Camshaft Seal Replacement

camshaft sealIf you’re looking to replace a camshaft seal, you’re probably working on a car with a timing belt.  The internal combustion engine in your vehicle uses a camshaft to open and close the intake and exhaust valves in your engine at the right time in the combustion cycle.  It is very important for these valves to open and close at the correct time in the combustion cycle to maximize the amount of air brought into the cylinder during the intake stroke, to compress the correct amount of air during the compression stroke, and to expel as much exhaust gas as possible during the exhaust stroke.

The relationship between your engine’s piston and the valves is kept constant through the use of a timing belt, timing chain or timing gears.  These mechanical devices keep everything rotating in the correct relationship so your engine can run at peak performance.

Early automobiles almost exclusively used timing chains or gears because they are more durable than a belt and engine manufacturers knew the importance of keeping the cam timing correct in any engine.  However, as technology increased and manufacturers sought to increase the efficiency of their engines, the timing belt started to become popular to achieve this same purpose.

Timing belts can be simpler and more efficient systems than chains or gears because they are lightweight and don’t require any lubrication to work.  Timing belts also wear very little as they are used so there is no loss of engine efficiency over time.  The only drawback of a timing belt is that there is no indication prior to failure so you should make sure to change your timing belt at your manufacturer’s recommended intervals to avoid breaking a timing belt.

When you are changing your timing belt, you should consider replacing your camshaft seals as well.  Unlike a timing chain or gears, your timing belt does not require oil lubrication so your engine will be designed with oil seals on the inside of the cam gears and crank pulley to keep oil inside your engine and away from the timing belt.  These oil seals surround your camshafts and crankshaft and keep your engine oil where it belongs.  Like any seal in your engine, they can wear out over time due to normal use, or they can wear out quickly from oil starvation, extreme temperatures or extreme engine RPMS.

Camshaft Seal leaks are extremely problematic because they will cover your timing belt in oil which could affect its ability to function properly but also because it is a leak from the top front of your engine which means the oil will leak down to cover just about everything else in your engine bay with oil.

The other problem with replacing your camshaft seal is that you need removing your timing belt and cam gear to do so.  This adds a significant amount of cost to your project as timing belt replacements are expensive due to the time they take, as well as the technical skill required to complete the project correctly.  If you are already replacing your timing belt, we would recommend replacing your camshaft seals as well even if they aren’t leaking just to be safe and save yourself another big project later.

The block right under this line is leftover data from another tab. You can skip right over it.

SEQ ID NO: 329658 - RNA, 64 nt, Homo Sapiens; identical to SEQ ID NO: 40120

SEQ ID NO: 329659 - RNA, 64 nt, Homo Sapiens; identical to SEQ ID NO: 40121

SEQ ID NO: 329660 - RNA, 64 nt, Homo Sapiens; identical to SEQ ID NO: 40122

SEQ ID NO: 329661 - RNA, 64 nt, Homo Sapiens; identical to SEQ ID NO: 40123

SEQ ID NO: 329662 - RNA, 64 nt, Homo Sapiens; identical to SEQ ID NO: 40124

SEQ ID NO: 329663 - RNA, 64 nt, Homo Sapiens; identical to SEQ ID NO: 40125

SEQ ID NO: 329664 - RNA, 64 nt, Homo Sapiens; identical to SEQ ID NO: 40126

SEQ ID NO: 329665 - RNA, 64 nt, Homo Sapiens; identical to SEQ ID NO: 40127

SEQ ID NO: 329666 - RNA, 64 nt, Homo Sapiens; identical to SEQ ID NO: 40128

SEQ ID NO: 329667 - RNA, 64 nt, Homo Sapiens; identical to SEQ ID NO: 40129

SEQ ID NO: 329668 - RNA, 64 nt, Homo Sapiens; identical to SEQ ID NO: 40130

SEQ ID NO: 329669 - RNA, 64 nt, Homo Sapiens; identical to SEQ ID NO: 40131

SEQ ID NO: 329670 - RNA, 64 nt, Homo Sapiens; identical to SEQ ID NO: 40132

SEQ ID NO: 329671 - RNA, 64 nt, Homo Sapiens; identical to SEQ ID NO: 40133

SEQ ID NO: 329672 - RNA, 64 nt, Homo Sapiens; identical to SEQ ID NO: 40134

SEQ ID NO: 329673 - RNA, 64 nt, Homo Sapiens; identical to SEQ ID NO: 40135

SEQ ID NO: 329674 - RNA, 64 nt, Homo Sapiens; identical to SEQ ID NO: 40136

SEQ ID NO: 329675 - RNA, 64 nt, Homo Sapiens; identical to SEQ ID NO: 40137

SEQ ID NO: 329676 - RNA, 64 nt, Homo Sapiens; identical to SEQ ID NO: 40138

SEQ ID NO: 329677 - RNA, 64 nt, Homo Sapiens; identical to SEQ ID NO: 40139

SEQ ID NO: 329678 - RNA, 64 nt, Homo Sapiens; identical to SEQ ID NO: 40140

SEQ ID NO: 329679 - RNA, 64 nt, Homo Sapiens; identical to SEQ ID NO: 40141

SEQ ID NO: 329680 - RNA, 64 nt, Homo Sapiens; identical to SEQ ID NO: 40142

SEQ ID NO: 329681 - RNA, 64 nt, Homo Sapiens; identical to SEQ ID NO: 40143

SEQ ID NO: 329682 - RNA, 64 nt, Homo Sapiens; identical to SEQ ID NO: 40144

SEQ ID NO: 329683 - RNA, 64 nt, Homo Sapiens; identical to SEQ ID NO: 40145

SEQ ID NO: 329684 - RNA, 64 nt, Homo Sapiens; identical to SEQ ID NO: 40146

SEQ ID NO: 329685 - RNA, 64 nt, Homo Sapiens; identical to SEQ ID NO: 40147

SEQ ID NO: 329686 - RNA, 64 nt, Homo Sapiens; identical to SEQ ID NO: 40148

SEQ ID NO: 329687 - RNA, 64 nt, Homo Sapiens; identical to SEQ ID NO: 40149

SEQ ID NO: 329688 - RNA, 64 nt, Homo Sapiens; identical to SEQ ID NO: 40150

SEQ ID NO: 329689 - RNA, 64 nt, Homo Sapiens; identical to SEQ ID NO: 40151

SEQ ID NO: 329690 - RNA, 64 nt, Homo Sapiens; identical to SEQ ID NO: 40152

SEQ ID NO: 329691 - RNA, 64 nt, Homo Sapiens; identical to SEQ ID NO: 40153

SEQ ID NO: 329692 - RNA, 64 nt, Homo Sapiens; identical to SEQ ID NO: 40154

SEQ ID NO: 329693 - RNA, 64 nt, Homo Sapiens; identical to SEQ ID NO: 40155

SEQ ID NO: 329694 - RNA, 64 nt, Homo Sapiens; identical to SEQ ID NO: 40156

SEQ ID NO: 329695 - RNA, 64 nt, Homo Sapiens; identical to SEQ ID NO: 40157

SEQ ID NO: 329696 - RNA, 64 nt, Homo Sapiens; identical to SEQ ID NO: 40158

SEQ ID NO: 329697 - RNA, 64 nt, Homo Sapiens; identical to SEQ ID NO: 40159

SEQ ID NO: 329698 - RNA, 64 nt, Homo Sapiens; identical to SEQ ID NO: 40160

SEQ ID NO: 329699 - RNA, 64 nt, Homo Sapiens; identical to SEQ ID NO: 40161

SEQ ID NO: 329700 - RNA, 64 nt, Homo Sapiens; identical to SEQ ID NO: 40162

If you don’t need to replace your timing belt and have a leaking camshaft seal, you should us BlueDevil Oil Stop Leak to seal your leak and keep your camshaft seal in place until your next required timing belt service.  BlueDevil Oil Stop Leak is a specialized formula designed to restore old or worn seals and bring them back to their original shape, size and sealing ability.  Using BlueDevil Oil Stop Leak will help save you money and time.

For more information about BlueDevil Oil Stop Leak, click on the banner below!
BlueDevil Oil Stop Leak
You can find BlueDevil Oil Stop Leak at any of our partnering local auto parts stores like:

  • AutoZone
  • Advance Auto Parts
  • Bennett Auto Supply
  • CarQuest Auto parts
  • NAPA Auto Parts
  • O’Reilly Auto Parts
  • Pep Boys
  • Fast Track
  • Bumper to Bumper Auto Parts Specialists
  • S&E Quick Lube Distributer
  • DYK Automotive
  • Fisher Auto Parts stores
  • Auto Plus Auto Parts stores
  • Hovis Auto & Truck Supply stores
  • Salvo Auto Parts
  • Advantage Auto Stores
  • Genuine Auto Parts stores
  • Bond Auto Parts stores
  • Tidewater Fleet Supply
  • Bumper to Bumper Auto Parts
  • Any Part Auto Parts
  • Consumer Auto Parts


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camshaft_seal.jpg – by Simazoran – Licensed by Getty Images – Original Link

9 responses to “Camshaft Seal Replacement

  1. I put bluedevil in my car today. I believe my camshaft seals are leaking i look under the hood and my water pump has oil on it and my alternator does as well i know my fan is slinging the oil oil around and the car barely goes through a half of court in a week can i expect to see it to leak no oil or am i wasting my time

    1. Mike-

      Based on your description, the BlueDevil Oil Stop Leak snould have no issue sealing the camshaft seal leak on your vehicle. You should expect to see results after about 100-200 miles of driving.

      Thank you!


  2. Hello I recently did a valve job on my car and machine shop installed cam seals with new ones, 5000 miles later LH seal has small leak and don’t want to dismantle engine again. So do you think your product will work? And if so do I put it in with fresh oil?

    1. Marco-

      As long as you are not losing oil too quickly, you would be a great candidate for the BlueDevil Oil Stop Leak. You can add the product to your fresh oil and the product can stay in the oil for the life of the oil. You should expect to see results after approximately 100-200 miles of driving.

      Thank you!


  3. My car loosing oil to quickly I believe is one of my rear cam seals and my oil last no more than 10 miles and my oil pretty much all will be going, what you recommend?

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